How to Do a Radio Interview
It doesn’t matter much if you are the interviewer or the interviewee, the steps below apply to both. Being on the radio is sometimes so casual, you forget that there are thousands of people listening to you.
So there’s tip one: Never forget that you are “On the Air.”
5 Tips for a Great Radio Interview
1. Make sure that you have your “talking points in front of you.”
Unless this is a political debate, you can talk with your interviewer and go over some of the questions that he will be asking you.
2. If this is a live interview, find out the length of the interview and ask when the show will break for commercials.
Do a sound check before you go on the air. If this isn’t live, ask if your words will air exactly as recorded. You don’t want your words taken out of context. If you think the interview will be controversial, have the producer sign a statement that the interview will air as is.
3. Ask what type of audience show attracts.
You might want to do this well in advance. If you are going to talk to teenaged rock fans, it’s different than talking to mothers at home with the kids. Know your audience.
4. Try not to leave any “dead air” time.
If you have difficulty answering a question, ask the host to repeat it. That will give you time to think.
5. Avoid saying too many “ahs” and “ums.” It might sound fine in regular conversation, but on the radio it’s annoying.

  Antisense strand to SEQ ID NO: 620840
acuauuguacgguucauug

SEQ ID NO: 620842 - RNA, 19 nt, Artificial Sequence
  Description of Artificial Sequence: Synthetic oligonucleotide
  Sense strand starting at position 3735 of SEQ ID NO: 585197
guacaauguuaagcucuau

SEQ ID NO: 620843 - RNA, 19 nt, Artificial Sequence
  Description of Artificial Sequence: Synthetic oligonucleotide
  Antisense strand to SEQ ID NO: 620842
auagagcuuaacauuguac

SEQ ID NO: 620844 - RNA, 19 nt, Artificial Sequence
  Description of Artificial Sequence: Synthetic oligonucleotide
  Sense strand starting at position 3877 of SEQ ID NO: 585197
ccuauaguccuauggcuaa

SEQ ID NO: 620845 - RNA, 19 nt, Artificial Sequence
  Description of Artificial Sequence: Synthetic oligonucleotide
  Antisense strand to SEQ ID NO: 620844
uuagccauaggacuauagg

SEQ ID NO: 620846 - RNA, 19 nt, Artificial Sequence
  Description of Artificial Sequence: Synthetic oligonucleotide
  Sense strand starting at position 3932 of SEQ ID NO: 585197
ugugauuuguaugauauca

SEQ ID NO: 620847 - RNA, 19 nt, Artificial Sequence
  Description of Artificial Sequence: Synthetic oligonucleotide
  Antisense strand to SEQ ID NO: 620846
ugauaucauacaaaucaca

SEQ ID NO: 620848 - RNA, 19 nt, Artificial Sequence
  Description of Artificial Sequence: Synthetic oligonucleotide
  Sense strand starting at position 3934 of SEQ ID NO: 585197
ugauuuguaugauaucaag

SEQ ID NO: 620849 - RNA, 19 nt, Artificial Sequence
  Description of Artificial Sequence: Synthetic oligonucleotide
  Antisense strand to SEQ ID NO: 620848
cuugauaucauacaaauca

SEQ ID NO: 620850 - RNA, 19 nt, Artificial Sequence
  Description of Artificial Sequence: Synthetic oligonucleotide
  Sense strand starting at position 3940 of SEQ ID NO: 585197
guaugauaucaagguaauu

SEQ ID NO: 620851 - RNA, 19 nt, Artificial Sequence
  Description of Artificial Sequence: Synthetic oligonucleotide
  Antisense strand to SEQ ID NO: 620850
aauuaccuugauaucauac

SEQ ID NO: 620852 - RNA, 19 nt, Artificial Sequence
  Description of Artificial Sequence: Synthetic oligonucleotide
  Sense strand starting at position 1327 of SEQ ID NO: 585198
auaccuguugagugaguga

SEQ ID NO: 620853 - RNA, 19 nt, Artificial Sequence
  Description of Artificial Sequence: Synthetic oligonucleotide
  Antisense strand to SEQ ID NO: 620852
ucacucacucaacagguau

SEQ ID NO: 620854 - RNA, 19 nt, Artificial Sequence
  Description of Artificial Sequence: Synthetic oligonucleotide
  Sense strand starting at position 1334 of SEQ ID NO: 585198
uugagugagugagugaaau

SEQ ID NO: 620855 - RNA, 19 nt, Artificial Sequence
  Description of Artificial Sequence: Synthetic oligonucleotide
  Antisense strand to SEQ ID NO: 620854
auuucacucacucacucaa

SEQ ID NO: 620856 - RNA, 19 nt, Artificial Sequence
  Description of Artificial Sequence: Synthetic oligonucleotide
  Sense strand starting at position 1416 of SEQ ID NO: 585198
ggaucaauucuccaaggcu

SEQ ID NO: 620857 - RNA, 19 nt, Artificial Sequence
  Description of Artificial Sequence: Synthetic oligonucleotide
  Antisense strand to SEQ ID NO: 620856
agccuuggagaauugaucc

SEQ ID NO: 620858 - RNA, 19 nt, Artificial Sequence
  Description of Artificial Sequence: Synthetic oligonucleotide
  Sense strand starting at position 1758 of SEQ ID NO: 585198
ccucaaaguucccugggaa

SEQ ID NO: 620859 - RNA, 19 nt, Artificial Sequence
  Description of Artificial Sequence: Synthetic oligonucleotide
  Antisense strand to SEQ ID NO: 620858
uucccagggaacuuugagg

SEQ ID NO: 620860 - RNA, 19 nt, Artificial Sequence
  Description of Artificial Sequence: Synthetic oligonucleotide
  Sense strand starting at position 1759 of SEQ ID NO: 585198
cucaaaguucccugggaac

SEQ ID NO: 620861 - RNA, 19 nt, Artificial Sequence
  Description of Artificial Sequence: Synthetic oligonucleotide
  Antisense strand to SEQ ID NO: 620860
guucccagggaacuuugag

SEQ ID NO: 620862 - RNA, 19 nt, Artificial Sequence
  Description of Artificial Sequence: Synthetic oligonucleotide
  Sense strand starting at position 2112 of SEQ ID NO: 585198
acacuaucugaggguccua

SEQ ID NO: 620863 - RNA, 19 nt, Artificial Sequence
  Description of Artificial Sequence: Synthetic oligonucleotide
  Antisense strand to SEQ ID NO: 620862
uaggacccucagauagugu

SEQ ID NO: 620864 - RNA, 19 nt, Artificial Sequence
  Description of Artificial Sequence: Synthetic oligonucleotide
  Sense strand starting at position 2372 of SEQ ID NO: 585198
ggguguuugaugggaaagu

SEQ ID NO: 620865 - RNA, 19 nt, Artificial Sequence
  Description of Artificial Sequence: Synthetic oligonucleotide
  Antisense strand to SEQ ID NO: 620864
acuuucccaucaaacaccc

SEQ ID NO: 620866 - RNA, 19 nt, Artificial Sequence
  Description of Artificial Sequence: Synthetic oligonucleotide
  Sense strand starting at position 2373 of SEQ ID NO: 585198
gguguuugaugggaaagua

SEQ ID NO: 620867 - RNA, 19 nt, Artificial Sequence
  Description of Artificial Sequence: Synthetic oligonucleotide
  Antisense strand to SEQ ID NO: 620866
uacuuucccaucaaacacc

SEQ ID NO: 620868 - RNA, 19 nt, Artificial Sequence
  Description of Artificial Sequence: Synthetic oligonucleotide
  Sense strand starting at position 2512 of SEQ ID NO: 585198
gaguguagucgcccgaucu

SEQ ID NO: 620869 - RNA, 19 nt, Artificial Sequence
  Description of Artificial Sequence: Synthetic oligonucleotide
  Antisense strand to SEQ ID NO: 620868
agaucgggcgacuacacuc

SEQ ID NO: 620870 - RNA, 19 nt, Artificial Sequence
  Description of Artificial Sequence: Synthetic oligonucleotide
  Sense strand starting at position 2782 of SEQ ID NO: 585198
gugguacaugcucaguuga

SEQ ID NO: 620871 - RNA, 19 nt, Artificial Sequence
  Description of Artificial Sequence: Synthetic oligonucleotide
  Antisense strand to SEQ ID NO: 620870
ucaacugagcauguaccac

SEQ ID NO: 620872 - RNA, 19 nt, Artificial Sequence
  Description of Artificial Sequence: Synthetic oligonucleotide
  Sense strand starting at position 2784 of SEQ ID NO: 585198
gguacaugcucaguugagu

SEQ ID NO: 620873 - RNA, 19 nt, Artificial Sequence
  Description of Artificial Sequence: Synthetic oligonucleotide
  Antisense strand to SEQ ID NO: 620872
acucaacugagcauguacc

Also, don’t let anger creep into your voice unless you want it there. Try to tone down. Voicing your anger, even if justified, can make you sound bullying or defensive over the airwaves.
1. Make sure that you know what questions you are going to ask.
Also, do some research on the person you are interviewing.
2. Do a sound check.
You don’t want your interview subject so close to the microphone they are spitting in it or so far away that they can’t be heard.
3. Try not to cut the interviewee off.
However don’t let them drone on forever about the same thing either.
4. Interject some humor.
Even the most serious of interviews sometimes need something to liven up the show. People want information, but they also want to be entertained. It also relaxes the person being interviewed.
5. Don’t hesitate to disagree if you think that the interviewee is putting out some wrong information, but try to do it in a third person way.
Say something like “I read in “Time” magazine that so and so said that”. Don’t just tell the person they’re wrong, especially if you are bringing them on as an “expert.”
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